Q: Could lay persons fulfill the role of deacons at the Rite of Election?
A: Oh, my. Well, my answer is going to be yes, but please don’t. Let me explain.
The RCIA mentions deacons only once in this ceremony, and that is to present the candidates. But it says that someone else may do that (130). The Ceremonial of Bishops says the same thing (413).
The CB also says that the deacon reads the intentions (417), and that outside of Mass, the bishop “is assisted by a deacon” (419).
Traditionally, the deacon reads the gospel at such ceremonies. He would also indicate postures for people who may be unfamiliar with them. You would also expect him to dismiss the elect and the assembly, but the RCIA has the celebrant do this (136). (Personally, I think that’s an oversight, and that dismissals belong to deacons.)
The difficulty is that the RCIA and the Roman Missal and even the CB all envision that the Rite of Election takes place during Mass, though the RCIA and CB concede that it could take place outside of Mass.
In my view, once a ceremony takes place outside of Mass, one must be cautious about presuming that all the roles required within Mass still pertain. In the Book of Blessings, for example, it’s perfectly fine for a non-ordained person to read the gospel. I maintain that the same is true at Vigils in the Liturgy of the Hours.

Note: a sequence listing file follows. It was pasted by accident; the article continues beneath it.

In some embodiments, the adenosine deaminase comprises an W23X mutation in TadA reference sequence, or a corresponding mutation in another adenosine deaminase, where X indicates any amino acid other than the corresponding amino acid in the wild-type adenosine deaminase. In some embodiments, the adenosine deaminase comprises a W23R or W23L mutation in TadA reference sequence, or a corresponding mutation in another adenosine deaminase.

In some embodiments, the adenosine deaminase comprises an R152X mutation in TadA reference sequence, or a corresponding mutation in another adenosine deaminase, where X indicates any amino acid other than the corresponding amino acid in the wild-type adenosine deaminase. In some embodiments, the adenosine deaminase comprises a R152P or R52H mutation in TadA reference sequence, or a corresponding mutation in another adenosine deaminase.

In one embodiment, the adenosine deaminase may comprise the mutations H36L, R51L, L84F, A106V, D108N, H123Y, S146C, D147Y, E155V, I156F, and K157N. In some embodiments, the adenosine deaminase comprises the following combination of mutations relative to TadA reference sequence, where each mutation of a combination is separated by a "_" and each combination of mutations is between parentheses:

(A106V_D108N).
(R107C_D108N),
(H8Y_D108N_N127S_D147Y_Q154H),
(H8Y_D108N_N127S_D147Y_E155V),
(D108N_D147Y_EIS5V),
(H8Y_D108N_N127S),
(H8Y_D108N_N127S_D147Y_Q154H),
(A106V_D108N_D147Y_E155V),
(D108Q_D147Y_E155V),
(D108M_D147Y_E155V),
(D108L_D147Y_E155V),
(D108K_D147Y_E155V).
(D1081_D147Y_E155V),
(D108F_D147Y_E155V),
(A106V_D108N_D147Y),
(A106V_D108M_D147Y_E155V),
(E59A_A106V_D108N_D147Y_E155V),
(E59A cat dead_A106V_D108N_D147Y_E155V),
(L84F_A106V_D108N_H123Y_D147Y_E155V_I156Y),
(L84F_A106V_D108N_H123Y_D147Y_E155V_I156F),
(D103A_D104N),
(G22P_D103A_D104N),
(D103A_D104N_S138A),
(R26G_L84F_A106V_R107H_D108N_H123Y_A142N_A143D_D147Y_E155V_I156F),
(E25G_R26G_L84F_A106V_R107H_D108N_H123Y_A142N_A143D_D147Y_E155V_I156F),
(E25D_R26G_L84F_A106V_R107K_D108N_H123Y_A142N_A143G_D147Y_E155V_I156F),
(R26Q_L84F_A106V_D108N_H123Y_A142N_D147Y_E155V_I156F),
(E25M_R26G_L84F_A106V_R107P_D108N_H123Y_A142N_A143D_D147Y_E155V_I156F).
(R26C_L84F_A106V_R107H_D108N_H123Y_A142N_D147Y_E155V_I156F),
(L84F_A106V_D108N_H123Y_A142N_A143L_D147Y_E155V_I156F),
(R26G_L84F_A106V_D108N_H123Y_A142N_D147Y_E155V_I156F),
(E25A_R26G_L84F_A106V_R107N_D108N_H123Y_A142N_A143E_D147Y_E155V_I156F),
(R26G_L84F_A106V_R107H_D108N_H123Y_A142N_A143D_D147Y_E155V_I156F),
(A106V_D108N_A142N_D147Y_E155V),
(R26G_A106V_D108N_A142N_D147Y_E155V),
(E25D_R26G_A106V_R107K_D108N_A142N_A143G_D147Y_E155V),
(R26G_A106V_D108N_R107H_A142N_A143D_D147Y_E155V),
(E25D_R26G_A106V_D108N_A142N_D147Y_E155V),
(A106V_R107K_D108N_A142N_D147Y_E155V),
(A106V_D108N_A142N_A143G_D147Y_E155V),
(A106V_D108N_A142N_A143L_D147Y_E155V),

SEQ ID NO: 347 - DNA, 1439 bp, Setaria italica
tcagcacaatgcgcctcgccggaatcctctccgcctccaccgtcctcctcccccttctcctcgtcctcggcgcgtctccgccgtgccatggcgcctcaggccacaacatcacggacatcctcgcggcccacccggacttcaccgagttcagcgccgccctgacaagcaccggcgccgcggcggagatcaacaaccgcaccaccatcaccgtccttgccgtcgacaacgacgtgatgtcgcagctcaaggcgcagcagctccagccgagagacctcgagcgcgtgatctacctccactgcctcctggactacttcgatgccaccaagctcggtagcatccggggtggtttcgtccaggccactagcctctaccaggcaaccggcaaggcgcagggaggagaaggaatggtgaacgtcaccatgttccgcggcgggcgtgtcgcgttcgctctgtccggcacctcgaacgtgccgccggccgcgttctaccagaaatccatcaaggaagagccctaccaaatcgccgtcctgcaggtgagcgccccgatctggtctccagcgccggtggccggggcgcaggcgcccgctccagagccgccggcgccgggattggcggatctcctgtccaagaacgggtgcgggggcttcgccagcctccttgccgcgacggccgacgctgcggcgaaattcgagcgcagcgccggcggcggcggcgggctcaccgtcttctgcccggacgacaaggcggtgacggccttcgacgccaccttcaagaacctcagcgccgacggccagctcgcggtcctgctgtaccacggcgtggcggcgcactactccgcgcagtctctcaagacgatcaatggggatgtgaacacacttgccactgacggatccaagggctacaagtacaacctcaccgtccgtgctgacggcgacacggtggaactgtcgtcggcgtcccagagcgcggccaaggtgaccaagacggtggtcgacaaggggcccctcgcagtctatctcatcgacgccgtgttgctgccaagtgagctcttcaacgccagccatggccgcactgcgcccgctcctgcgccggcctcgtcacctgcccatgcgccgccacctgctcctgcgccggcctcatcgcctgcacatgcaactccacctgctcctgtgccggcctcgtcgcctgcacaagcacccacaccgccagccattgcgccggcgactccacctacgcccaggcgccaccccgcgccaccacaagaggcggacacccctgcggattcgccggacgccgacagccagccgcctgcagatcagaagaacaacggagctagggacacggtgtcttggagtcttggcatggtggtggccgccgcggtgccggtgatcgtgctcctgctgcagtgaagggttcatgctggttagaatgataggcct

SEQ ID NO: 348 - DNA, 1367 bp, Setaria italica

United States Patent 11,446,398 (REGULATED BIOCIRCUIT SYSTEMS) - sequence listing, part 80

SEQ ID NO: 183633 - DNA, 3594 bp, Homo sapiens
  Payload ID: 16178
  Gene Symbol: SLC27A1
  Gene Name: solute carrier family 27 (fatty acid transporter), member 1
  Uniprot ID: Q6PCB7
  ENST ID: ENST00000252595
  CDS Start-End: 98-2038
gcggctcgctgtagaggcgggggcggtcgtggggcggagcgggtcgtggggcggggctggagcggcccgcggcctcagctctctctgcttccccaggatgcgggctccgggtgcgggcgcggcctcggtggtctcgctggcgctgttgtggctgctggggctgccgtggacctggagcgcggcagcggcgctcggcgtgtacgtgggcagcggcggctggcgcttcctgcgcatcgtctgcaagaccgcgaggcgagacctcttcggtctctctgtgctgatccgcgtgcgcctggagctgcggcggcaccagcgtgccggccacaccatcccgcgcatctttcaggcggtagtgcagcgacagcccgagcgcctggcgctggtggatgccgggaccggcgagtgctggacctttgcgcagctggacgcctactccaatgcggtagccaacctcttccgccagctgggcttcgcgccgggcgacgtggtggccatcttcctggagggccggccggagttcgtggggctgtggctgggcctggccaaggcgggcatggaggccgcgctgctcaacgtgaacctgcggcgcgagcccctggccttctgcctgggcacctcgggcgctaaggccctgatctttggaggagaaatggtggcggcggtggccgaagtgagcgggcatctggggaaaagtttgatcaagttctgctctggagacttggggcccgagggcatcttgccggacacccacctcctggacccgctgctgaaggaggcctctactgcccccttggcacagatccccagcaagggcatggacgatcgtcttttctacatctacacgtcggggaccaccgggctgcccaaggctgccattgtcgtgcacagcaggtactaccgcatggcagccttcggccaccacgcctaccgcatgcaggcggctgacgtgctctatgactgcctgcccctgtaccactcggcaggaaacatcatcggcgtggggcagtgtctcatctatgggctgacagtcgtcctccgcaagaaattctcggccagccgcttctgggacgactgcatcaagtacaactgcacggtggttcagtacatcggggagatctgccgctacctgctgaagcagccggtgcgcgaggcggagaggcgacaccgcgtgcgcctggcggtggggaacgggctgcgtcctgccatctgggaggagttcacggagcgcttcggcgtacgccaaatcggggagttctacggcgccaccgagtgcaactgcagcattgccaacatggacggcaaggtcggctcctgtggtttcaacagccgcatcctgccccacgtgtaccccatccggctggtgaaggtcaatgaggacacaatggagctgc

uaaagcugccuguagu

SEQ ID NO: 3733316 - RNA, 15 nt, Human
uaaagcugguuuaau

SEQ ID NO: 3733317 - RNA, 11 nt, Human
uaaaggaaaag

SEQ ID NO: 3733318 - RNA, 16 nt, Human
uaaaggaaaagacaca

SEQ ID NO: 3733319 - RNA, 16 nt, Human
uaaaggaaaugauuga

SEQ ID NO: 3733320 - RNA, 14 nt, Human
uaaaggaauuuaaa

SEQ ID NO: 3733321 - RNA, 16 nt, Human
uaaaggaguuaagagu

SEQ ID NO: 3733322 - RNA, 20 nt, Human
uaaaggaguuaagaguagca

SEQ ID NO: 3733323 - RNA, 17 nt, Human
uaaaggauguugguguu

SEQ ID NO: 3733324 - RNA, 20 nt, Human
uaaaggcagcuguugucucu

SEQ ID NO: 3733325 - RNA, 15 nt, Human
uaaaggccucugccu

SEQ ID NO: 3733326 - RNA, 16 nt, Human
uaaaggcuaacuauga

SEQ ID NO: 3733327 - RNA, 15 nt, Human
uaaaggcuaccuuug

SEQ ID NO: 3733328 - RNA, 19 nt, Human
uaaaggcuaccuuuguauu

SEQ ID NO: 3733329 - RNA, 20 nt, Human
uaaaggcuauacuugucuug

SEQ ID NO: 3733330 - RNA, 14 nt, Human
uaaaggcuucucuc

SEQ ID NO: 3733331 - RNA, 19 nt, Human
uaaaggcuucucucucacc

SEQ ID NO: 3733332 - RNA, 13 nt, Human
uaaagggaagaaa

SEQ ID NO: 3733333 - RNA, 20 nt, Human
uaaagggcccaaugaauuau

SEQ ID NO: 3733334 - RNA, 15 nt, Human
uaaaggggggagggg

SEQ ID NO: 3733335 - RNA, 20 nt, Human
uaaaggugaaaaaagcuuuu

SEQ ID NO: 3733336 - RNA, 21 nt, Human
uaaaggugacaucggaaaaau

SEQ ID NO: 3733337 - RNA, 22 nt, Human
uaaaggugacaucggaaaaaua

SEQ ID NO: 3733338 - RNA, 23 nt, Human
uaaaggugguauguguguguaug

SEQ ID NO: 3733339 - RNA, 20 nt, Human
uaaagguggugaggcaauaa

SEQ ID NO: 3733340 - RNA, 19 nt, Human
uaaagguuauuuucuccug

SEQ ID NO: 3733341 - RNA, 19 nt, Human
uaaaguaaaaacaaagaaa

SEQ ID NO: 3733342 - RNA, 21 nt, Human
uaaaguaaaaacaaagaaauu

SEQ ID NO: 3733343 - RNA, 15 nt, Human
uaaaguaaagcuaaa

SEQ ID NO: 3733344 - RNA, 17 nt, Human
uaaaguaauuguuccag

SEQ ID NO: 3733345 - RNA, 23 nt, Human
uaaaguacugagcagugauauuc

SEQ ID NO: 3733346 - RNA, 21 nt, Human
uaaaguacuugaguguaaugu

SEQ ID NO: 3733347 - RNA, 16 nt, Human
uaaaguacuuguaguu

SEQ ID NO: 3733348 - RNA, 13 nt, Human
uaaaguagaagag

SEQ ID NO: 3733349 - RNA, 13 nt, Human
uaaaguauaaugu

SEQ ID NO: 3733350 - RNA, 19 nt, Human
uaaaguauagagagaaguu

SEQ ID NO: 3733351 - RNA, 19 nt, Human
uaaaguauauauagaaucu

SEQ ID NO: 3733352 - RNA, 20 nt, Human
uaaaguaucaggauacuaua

So, you could argue, that outside of Mass, the deacon’s roles do not have to remain with the deacon. Even so, a non-ordained person does not use the greeting, “The Lord be with you,” even outside of Mass, nor give the dismissal formula, nor command a change in posture or exchange of peace. But there are precedents for a layperson to read the gospel and list the petitions.
Still, a bishop should be accompanied by deacons whenever possible, and it is at least courteous to let deacons fulfill their usual roles at the liturgy.
So, could laypersons perform at least some of these functions? Yes, but I advise letting deacons exercise their ministry. That’s why they are there.